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Postal voting on demand is an affront to British democracy and George Galloway may be about to shine a light on it

Postal voting on demand is an affront to British democracy and George Galloway may be about to shine a light on it
Britain claims to be a bastion of democracy but its largest political parties do nothing as that very democracy is being perverted by the postal-vote system.

Following Labour’s surprise victory in the Batley and Spen by-election, Sir Keir Starmer, the party leader, declared that “Labour is back.” It seems a somewhat strange assertion, considering that his party’s majority had been cut from over 3,000 to 323 during the by-election. It also might be a little premature, as George Galloway, the Workers Party of Great Britain candidate, said that he is mounting a legal challenge to have the result set aside. 

Last night, on his talk show, the Mother of All Talk Shows (MOATS), Galloway announced the basis of his challenge. He listed a host of reasons, including the telling of untruths about a candidate, the removal of his posters by the local council, the lack of a recount, overspending, and alleged postal-vote manipulation. 

The one that interested me most was the postal vote issue. Now, I have some experience of this, having stood and campaigned in too many elections to recount. I have also voiced concern about postal vote fraud for over a decade, and Galloway may well be on to something here. But before I get into it, let me just describe how we got to this point.

Prior to 2000, if an elector wanted a postal vote, then they had to give a good reason why they could not attend a polling station in person. They may be old, infirm, in the armed forces, or on holiday. However, Tony Blair’s government changed the system to allow for postal vote on demand, so no reason was required. Blair’s government argued that it would lead to greater engagement in politics. They pointed to the paltry 24% turnout at the 1999 European Elections as proof that something had to change. So, in some ways, it could be argued that some alteration of the system was necessary.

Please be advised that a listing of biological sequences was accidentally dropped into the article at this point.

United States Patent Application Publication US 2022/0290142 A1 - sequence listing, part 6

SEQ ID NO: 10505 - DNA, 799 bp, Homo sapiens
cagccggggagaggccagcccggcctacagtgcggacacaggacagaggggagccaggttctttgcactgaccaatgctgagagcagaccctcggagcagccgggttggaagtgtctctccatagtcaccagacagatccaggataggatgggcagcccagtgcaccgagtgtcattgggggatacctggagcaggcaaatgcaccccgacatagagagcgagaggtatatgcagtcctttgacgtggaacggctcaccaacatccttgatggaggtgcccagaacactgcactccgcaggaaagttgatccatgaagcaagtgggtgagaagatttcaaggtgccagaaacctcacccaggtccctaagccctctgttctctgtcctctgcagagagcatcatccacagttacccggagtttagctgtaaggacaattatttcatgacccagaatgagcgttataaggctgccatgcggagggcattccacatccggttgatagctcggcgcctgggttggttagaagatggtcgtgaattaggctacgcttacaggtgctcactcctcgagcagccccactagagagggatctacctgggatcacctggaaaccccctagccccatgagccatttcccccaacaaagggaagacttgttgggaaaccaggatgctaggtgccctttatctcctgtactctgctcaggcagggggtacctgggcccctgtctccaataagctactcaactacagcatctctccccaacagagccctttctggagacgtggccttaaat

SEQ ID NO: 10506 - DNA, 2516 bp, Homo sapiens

But, as with many political decisions, it has had unintended consequences, and the overriding one has been corruption. Now, I will just name a few: In 2002, Muhammed Hussain, a Blackburn councillor, was prosecuted and jailed for three and a half years after being found guilty of conspiring to defraud local elections. Judge Peter Openshaw said that Hussain’s actions were of a scale unknown in Britain for a hundred years; he then exposed the postal-voting system for being “wide open to fraud.” 

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In 2008, Mohammed Choudhary, former Labour Mayor of Peterborough, was jailed for nine months following the uncovering of a postal vote-rigging scam where applications were made for ballot papers to be sent to different addresses. 

In 2015, Lutfur Rahman, the Mayor of Tower Hamlets, was removed from office because of a number of irregularities, including ballot tampering and the fact that ballots were double-cast or cast from false addresses. The judge who presided over the Rahman case was Richard Mawrey QC, who himself had previously called for postal voting on demand to be scrapped. He asserted in 2014 that “postal voting on demand, however many safeguards you build into it, is wide open to fraud,” making “election rigging a possibility and indeed in some areas a probability”. 

In 2019, Steve Baker, the Conservative MP for Wycombe, wrote that he had received “accounts of candidates visiting electors’ homes, demanding postal votes are completed in front of them, and then taking them away.” He rightly concluded that “this simply cannot go on.

The UK prides itself on being a bastion of democracy, yet our main political parties sit by idly whilst that very same democracy is being perverted by the postal-vote system. Why do they do this and why do they refuse to tackle the issue? Well, maybe it is because, possibly, they benefit from it.

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Whenever I challenged postal vote on demand following elections, it was passed off as sour grapes by my opponents. But it was nothing of the sort. My complaints were based on a sense of fair play and on the fact that the current postal vote system has failed to achieve its stated objective, which was to increase voter turnout. For example, the turnout in the 1997 General Election, the last before postal vote on demand, was 71.3%, yet the turnout in the 2019 General Election was down to 67.3%. There is absolutely no legitimate argument for retaining this system, which, as has been shown time and time again, makes it easier to commit fraud.

Now, I suspect George Galloway and I have little common ground politically beyond our support for Brexit and the Union. But if his court case shines a light on the corruption involved in postal voting on demand, then he should be backed by all those who support democracy and fairness.

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The statements, views and opinions expressed in this column are solely those of the author and do not necessarily represent those of RT.

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